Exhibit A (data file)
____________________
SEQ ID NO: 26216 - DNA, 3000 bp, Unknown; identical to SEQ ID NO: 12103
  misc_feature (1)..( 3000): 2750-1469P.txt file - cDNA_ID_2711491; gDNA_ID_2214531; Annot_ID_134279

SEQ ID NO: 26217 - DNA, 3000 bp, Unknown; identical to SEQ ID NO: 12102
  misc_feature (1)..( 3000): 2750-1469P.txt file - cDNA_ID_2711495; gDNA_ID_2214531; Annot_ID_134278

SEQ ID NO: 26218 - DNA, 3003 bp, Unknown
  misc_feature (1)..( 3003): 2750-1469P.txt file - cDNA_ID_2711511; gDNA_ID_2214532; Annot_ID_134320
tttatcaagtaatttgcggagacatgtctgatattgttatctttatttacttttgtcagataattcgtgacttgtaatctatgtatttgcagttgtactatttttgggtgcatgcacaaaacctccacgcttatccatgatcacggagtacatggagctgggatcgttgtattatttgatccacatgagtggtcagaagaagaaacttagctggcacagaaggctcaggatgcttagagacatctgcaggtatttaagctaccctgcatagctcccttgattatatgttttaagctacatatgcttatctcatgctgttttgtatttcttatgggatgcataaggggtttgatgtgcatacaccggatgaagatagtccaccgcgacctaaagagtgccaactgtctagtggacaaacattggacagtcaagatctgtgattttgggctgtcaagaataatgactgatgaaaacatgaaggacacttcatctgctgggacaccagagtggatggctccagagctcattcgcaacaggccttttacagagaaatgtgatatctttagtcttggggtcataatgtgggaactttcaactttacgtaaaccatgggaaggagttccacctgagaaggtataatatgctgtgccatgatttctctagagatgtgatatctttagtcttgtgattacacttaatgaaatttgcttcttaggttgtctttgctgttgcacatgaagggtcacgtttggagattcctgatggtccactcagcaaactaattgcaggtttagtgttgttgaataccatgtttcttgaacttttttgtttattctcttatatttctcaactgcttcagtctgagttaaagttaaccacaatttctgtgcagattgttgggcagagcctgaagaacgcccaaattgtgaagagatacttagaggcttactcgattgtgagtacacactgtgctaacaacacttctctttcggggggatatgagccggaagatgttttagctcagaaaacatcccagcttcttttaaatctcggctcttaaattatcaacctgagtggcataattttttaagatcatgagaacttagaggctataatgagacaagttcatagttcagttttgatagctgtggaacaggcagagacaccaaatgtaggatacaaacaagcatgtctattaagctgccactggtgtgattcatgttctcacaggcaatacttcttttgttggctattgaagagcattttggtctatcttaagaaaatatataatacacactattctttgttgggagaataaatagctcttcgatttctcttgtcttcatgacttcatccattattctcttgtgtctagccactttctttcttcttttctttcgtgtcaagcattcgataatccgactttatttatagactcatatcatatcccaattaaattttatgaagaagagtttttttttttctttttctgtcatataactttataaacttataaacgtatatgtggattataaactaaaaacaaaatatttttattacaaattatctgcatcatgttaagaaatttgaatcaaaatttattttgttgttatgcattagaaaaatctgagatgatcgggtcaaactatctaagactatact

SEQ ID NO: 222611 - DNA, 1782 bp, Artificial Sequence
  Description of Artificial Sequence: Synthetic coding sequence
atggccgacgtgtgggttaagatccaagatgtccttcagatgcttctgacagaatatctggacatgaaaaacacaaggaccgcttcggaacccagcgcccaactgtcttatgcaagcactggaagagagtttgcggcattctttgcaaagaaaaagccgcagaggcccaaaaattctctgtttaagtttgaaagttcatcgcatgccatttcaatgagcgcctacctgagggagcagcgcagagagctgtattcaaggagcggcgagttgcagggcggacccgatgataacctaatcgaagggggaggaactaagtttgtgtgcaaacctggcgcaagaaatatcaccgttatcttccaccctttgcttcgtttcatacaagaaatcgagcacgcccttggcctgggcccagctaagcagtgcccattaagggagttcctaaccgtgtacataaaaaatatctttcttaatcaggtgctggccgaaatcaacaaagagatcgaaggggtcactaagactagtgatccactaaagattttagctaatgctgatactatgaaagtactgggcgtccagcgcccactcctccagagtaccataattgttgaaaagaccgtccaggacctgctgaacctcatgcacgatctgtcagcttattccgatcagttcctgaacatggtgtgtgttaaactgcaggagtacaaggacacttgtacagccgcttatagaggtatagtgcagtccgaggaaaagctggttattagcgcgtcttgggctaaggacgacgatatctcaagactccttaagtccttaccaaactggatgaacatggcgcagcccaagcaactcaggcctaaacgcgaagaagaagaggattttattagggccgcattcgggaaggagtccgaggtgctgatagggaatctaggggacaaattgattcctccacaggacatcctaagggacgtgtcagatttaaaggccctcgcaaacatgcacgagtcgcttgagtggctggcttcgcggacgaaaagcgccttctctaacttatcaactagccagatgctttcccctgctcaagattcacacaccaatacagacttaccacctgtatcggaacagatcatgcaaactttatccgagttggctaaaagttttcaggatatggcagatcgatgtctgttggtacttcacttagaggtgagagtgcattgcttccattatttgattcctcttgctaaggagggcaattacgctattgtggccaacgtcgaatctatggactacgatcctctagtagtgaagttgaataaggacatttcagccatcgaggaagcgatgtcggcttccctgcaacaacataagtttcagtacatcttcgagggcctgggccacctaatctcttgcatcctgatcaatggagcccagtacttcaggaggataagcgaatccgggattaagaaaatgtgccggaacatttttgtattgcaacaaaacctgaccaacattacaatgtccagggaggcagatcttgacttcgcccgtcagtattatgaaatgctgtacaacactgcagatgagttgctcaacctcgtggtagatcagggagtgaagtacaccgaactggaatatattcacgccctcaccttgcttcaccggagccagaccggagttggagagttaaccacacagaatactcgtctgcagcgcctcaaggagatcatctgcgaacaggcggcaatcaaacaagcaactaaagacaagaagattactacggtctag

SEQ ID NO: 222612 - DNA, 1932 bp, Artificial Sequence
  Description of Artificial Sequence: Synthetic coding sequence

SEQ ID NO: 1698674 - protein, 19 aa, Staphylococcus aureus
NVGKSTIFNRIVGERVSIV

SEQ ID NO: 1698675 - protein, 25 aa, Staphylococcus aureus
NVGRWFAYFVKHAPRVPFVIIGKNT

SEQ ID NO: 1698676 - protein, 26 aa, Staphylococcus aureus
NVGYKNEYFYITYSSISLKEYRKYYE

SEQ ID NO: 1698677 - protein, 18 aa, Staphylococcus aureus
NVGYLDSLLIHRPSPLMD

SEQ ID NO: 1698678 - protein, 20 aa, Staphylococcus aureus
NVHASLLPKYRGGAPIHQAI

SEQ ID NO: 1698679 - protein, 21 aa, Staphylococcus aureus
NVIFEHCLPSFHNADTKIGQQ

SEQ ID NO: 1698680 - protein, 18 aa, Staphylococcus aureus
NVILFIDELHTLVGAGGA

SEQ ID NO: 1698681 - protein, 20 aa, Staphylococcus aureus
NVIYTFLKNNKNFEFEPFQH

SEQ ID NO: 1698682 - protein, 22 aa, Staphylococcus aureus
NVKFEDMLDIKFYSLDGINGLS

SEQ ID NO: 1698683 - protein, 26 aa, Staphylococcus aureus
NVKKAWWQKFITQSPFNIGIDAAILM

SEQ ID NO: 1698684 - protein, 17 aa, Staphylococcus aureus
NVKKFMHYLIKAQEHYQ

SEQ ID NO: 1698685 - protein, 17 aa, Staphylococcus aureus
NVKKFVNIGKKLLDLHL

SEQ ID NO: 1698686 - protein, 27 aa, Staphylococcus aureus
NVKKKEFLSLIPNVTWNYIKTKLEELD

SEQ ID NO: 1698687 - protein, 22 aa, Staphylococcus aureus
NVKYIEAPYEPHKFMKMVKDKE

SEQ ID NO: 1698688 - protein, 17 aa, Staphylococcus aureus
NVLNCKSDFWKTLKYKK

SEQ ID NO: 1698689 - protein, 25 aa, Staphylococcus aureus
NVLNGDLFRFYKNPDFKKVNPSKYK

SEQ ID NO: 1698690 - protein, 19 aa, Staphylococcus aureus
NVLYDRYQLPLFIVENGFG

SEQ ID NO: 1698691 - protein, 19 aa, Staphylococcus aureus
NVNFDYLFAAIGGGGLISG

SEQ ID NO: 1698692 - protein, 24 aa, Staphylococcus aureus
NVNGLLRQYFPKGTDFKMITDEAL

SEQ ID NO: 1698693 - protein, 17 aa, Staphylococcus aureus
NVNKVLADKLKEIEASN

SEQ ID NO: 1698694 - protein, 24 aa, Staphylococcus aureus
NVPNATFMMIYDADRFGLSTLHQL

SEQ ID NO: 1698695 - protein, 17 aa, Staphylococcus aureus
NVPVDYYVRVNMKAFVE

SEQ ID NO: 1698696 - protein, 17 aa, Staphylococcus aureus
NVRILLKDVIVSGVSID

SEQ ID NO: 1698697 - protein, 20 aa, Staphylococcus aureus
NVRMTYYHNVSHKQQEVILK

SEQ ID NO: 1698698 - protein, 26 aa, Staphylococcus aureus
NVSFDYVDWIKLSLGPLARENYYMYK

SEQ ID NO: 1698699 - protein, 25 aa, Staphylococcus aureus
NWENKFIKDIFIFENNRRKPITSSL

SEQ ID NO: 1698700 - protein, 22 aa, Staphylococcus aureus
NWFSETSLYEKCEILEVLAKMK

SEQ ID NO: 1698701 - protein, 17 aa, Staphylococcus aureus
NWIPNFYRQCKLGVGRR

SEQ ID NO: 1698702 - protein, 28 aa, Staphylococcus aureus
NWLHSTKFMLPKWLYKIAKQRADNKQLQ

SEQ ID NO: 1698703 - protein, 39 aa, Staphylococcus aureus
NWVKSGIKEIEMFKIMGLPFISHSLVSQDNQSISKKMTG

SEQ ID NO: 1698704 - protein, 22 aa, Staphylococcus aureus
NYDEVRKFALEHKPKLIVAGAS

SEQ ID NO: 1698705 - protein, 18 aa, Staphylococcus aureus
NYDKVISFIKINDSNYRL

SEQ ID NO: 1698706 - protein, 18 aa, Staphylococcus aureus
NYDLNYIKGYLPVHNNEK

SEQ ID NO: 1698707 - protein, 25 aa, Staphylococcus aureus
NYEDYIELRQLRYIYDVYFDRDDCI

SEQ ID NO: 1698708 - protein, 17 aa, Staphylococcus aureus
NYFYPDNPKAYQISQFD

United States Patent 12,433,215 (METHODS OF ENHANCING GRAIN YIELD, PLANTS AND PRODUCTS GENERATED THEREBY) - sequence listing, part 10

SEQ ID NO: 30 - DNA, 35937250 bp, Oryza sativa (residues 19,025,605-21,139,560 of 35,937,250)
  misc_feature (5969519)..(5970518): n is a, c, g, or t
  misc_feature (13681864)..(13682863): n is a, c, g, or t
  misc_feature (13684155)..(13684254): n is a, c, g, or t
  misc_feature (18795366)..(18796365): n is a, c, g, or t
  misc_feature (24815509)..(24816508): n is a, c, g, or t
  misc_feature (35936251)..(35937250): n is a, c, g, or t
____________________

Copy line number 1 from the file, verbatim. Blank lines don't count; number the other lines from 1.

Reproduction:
SEQ ID NO: 26216 - DNA, 3000 bp, Unknown; identical to SEQ ID NO: 12103